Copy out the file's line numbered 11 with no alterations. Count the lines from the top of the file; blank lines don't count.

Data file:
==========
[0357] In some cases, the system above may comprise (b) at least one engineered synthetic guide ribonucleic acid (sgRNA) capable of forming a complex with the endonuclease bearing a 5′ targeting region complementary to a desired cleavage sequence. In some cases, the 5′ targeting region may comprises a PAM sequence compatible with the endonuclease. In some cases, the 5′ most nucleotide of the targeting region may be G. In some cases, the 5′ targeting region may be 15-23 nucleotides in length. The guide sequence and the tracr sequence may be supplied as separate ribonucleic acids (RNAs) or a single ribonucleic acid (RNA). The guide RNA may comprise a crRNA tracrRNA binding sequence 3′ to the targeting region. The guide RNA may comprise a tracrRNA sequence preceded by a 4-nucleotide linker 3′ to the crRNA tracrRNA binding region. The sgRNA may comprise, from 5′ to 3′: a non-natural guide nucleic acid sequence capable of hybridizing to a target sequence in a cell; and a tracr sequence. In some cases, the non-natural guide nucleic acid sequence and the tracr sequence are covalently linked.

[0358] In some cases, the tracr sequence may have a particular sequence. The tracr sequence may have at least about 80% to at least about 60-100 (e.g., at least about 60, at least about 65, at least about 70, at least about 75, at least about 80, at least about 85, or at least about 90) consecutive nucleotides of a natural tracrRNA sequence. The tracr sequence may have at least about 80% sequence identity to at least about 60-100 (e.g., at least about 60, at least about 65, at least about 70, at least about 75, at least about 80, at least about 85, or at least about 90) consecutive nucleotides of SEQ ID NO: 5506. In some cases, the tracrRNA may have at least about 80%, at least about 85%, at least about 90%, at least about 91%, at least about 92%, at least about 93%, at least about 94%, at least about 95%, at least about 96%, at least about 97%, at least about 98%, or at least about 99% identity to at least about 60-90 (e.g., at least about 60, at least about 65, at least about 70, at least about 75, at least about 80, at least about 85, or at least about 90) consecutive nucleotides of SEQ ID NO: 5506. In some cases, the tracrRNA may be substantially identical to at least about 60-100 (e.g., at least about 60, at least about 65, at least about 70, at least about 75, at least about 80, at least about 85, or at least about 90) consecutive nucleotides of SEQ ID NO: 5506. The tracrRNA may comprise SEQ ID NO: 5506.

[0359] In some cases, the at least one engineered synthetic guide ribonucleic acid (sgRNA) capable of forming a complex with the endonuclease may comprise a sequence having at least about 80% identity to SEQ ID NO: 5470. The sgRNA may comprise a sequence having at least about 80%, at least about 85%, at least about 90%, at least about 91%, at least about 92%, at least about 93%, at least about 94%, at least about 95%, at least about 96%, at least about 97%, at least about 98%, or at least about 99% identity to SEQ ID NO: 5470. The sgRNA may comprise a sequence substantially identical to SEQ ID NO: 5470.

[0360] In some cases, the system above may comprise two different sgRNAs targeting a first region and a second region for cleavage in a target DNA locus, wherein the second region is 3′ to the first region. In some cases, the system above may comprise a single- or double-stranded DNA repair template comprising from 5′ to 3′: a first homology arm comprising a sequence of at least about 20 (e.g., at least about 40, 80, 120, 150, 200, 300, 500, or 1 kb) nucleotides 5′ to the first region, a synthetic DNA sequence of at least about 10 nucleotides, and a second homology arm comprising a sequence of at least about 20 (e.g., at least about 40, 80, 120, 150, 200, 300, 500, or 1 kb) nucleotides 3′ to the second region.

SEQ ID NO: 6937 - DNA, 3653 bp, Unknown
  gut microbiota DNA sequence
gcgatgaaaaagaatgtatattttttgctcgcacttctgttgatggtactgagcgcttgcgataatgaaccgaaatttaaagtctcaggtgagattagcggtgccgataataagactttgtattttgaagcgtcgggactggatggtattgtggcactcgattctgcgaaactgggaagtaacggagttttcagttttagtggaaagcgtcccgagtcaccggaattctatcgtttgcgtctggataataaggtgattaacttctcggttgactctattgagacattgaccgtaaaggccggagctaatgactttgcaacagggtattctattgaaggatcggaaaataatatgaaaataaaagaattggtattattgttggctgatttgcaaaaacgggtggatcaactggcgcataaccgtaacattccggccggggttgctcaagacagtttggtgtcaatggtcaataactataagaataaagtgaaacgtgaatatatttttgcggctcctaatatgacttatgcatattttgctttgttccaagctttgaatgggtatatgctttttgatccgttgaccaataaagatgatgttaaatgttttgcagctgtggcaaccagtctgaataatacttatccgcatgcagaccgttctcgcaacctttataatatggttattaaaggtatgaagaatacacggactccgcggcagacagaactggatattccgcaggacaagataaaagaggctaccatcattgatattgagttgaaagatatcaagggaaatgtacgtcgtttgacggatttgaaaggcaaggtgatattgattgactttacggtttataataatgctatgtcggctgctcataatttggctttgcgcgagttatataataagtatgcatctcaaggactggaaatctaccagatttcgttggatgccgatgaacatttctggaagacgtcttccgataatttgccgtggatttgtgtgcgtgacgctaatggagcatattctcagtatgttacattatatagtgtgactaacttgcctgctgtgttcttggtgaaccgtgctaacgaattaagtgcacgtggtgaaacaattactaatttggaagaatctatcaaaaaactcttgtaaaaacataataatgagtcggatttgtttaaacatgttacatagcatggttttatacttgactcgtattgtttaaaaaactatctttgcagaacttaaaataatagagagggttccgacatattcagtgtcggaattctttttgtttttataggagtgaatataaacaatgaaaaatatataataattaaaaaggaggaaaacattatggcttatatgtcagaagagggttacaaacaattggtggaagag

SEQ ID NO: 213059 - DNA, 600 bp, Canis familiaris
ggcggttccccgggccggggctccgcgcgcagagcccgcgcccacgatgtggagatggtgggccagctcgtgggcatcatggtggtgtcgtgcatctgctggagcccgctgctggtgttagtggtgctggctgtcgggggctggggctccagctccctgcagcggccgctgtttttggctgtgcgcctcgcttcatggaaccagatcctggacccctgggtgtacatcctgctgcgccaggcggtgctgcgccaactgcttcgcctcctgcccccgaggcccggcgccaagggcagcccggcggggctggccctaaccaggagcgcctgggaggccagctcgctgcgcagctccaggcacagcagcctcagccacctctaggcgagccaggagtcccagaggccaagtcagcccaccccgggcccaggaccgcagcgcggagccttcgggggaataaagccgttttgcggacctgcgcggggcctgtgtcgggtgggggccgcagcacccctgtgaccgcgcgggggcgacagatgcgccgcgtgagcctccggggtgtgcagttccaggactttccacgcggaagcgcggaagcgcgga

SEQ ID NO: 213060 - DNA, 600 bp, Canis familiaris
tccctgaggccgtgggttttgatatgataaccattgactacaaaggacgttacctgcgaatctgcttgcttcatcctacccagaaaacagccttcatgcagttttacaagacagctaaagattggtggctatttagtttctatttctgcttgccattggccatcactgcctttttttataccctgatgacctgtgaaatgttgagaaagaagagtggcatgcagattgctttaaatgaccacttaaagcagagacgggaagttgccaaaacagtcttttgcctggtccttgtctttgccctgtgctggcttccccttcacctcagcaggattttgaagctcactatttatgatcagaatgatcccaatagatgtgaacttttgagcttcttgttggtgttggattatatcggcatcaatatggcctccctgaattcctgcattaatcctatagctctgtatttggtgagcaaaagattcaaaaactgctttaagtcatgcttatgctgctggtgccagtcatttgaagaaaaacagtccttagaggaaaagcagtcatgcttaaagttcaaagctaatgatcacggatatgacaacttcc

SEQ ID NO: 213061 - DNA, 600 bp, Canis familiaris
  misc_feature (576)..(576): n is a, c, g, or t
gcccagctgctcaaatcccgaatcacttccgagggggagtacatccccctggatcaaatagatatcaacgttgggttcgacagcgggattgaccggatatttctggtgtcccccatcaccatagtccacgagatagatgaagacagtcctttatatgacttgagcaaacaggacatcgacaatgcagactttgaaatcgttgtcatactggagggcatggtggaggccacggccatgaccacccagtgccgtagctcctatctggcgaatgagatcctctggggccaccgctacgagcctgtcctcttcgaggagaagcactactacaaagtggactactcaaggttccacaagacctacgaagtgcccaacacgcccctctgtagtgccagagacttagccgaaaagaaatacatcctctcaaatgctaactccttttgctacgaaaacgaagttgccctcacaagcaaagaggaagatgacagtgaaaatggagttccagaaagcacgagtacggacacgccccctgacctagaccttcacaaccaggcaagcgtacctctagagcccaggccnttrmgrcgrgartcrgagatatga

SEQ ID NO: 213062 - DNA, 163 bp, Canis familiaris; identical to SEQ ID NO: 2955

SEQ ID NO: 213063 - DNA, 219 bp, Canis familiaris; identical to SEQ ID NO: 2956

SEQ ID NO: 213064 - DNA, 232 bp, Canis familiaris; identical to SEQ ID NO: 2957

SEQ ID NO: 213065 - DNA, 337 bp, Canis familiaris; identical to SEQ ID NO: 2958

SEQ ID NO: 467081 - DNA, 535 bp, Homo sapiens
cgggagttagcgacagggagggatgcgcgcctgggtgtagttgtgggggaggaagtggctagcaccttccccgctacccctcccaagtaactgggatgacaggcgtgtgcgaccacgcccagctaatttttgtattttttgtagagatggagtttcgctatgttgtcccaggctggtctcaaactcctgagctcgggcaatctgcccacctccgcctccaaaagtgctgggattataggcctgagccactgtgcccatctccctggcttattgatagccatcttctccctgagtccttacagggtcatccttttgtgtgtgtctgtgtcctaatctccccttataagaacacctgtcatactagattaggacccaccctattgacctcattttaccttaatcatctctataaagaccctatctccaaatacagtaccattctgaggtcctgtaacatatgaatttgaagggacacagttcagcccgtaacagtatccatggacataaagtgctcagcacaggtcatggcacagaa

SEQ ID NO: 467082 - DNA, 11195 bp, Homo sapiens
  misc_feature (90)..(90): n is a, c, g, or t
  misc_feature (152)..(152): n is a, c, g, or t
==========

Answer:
tccctgaggccgtgggttttgatatgataaccattgactacaaaggacgttacctgcgaatctgcttgcttcatcctacccagaaaacagccttcatgcagttttacaagacagctaaagattggtggctatttagtttctatttctgcttgccattggccatcactgcctttttttataccctgatgacctgtgaaatgttgagaaagaagagtggcatgcagattgctttaaatgaccacttaaagcagagacgggaagttgccaaaacagtcttttgcctggtccttgtctttgccctgtgctggcttccccttcacctcagcaggattttgaagctcactatttatgatcagaatgatcccaatagatgtgaacttttgagcttcttgttggtgttggattatatcggcatcaatatggcctccctgaattcctgcattaatcctatagctctgtatttggtgagcaaaagattcaaaaactgctttaagtcatgcttatgctgctggtgccagtcatttgaagaaaaacagtccttagaggaaaagcagtcatgcttaaagttcaaagctaatgatcacggatatgacaacttcc